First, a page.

Why Shea Butter Is Our New All-Natural Beauty Obsession
Pure shea butter is a multipurpose product that’s been used to protect and nourish skin and hair by African women for centuries. Now it’s revolutionizing the natural beauty business.
I’ll admit this: I knew next to nothing about shea butter before today, except that I’ve seen it in the ingredient lists for multiple natural and organic beauty products, including my new Rahua conditioner. Now I know more.
It is actually thanks to Body Shop that I started exploring this subject, as they’ve kindly sent me some samples of their shea butter products – including a soon-to-launch Community Trade Shea Butter, which is 100% natural and vegan, and made by women in Ghana.
So today I tried it out sitting by my desk at the office, rubbing some onto my arms, hands and lips. The pure shea butter is solid until you put it on the skin where it melts easily and is instantly absorbed. My lips can’t seem to get enough (winter…), and my hands feel very fantastic, but the arms still have a slightly ‘fatty’ surface after a couple of hours. But then again, this product is really fat, which is the main reason why it’s so great. It’s also completely unscented and tastes like, well, vegetable fat – if that’s a flavor? (Yes, I did taste it before reading ‘unfit for consumption’ on the back of the packaging and I’m fine).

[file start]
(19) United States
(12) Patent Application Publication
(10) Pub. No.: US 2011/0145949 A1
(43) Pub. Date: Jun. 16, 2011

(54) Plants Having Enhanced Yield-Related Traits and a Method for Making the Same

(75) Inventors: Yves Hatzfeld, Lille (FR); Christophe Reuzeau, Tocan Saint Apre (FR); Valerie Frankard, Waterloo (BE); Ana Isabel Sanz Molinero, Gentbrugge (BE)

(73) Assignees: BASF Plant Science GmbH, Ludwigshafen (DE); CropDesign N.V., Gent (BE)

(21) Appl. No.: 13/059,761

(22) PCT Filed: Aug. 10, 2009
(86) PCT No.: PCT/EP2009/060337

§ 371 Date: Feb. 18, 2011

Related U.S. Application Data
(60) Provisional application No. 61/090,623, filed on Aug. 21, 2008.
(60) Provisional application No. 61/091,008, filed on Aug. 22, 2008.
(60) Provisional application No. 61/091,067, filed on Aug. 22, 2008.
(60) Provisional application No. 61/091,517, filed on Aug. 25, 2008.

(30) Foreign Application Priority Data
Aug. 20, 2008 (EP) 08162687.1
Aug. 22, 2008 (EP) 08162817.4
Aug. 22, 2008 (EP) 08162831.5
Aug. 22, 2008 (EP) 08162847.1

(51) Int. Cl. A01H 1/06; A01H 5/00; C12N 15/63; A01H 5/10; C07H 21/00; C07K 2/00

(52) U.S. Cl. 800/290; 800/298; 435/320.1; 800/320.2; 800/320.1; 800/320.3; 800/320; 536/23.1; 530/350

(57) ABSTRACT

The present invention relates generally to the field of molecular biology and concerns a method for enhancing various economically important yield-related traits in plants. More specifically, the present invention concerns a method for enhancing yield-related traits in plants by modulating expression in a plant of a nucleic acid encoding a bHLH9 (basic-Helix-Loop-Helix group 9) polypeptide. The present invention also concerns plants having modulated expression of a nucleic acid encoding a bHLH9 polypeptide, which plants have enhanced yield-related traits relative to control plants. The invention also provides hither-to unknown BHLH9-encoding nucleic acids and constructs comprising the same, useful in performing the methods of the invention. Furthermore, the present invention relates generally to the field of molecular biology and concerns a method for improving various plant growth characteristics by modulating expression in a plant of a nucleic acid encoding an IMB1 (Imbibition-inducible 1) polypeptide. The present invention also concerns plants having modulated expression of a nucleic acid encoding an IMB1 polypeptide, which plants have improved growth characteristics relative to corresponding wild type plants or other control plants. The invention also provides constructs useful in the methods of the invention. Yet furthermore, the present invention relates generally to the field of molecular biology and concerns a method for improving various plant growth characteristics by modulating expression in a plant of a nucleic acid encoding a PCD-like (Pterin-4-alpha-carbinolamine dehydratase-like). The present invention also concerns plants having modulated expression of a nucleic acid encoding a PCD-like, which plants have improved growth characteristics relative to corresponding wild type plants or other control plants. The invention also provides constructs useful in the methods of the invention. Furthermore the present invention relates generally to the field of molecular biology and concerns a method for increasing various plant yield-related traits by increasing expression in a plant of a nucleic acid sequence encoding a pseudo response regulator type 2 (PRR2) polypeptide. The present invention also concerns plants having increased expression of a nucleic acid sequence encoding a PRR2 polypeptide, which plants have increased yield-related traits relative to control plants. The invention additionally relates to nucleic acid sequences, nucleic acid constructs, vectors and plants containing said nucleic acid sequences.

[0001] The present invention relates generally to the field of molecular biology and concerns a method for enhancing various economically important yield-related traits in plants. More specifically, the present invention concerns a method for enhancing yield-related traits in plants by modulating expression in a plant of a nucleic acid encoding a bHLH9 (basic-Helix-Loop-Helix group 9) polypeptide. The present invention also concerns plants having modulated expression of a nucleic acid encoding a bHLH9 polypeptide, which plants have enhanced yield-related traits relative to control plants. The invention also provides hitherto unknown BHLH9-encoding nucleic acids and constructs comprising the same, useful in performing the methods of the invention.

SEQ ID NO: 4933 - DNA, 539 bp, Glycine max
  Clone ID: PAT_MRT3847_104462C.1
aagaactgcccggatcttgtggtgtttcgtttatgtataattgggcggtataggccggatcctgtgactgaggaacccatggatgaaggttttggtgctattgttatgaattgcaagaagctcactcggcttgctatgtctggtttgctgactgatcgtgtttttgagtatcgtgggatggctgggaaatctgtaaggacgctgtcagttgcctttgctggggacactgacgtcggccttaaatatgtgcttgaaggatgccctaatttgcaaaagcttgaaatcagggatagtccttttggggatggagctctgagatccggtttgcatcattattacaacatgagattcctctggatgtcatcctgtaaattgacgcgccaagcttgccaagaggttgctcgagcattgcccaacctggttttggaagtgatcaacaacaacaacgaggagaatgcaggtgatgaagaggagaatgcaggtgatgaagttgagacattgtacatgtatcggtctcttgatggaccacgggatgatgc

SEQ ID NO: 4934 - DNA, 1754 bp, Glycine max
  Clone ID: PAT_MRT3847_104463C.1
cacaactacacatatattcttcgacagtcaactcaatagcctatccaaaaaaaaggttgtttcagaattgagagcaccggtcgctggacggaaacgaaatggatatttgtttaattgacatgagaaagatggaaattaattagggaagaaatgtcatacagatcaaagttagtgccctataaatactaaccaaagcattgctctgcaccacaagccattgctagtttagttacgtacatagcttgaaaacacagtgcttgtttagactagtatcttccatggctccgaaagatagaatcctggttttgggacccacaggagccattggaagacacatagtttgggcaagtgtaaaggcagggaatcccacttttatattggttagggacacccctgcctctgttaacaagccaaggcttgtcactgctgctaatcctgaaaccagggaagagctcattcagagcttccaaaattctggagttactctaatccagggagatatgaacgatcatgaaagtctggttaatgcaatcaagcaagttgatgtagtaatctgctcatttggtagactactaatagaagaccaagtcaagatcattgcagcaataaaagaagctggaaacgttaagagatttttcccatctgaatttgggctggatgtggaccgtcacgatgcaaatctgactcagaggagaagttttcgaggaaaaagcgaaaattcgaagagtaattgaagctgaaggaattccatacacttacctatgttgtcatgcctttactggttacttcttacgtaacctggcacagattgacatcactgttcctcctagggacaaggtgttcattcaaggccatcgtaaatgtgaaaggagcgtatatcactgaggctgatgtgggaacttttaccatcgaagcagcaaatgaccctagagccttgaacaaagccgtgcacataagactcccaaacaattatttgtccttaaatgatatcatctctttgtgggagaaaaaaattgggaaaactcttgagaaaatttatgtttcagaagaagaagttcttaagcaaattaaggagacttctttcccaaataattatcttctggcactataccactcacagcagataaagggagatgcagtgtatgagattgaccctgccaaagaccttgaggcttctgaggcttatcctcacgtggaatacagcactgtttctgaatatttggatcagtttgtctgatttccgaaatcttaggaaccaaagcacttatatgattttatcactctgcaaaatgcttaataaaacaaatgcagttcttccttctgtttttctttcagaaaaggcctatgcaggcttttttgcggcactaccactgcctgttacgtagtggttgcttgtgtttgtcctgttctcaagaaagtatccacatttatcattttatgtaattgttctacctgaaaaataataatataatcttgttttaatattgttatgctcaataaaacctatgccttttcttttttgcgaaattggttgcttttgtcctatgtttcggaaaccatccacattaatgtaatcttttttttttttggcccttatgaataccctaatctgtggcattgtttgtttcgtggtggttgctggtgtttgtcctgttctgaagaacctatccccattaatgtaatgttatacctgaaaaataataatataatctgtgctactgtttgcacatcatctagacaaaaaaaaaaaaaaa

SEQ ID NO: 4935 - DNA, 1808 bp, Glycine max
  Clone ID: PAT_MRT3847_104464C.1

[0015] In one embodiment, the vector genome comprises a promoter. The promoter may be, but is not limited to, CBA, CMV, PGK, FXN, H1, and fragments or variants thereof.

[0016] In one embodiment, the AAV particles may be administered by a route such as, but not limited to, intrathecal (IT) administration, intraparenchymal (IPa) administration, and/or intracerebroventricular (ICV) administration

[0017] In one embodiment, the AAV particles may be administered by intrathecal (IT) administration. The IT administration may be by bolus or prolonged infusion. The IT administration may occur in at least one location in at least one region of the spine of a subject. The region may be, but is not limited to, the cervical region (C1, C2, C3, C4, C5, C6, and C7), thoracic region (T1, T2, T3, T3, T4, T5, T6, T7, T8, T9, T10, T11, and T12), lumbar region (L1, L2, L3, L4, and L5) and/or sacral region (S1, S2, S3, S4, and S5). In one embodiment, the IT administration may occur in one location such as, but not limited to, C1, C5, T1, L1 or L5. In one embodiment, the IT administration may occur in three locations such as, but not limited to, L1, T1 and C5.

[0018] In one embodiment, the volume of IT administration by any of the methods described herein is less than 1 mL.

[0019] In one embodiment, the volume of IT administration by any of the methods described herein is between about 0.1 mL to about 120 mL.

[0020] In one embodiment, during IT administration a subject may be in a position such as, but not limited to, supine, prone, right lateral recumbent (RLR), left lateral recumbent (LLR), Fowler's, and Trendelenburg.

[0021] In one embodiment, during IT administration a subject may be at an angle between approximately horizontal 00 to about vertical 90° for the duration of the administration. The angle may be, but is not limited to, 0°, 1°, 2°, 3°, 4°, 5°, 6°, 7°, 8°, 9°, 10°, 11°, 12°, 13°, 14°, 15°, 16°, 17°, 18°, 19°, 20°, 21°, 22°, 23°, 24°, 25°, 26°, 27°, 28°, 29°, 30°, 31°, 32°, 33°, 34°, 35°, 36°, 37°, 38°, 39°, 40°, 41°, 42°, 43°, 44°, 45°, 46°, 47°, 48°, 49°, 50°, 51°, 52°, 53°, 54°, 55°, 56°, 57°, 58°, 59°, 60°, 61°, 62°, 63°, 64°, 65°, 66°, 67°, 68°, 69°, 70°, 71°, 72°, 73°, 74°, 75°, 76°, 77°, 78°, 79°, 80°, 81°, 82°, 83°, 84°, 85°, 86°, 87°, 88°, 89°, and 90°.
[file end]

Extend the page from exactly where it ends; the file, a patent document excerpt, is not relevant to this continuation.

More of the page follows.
Freshly moisturized – inside out – I started reading up on the many benefits of shea butter, also known as Beurre de karité, or Butyrospermum parkii, which is how you would know it from the back of your beauty products. Shea butter is extracted from the nuts of the shea tree, which grows wildly in the savannah belt from West to East Africa and varies in color (ivory or white) and consistency (hard or soft) depending on the region and village where it was made.
Pure shea butter is a multipurpose product that can be used for the entire body – hair, scalp, face, nails, lips, heels and all – and is also great as a base or humectant if you’re into making your own beauty products. The high content of fatty acids, naturally occurring vitamins like A, E and F, and its anti-inflammatory properties make shea butter one of the most moisturizing and nourishing things you can put on your skin.
The rich fats in the shea butter work protectively against weather and wind, and can be used by people (children too) with extreme dryness, skin irritation, eczema, sun burns, stretch marks, mosquito bites, sensitive skin, and psoriasis. It’s also said to be naturally UV-protective (we’d add a proper sunscreen though), and protects the muscles before and after training. But most importantly, it makes the skin soft, smooth and glowy, which is the ultimate goal in any case, right?
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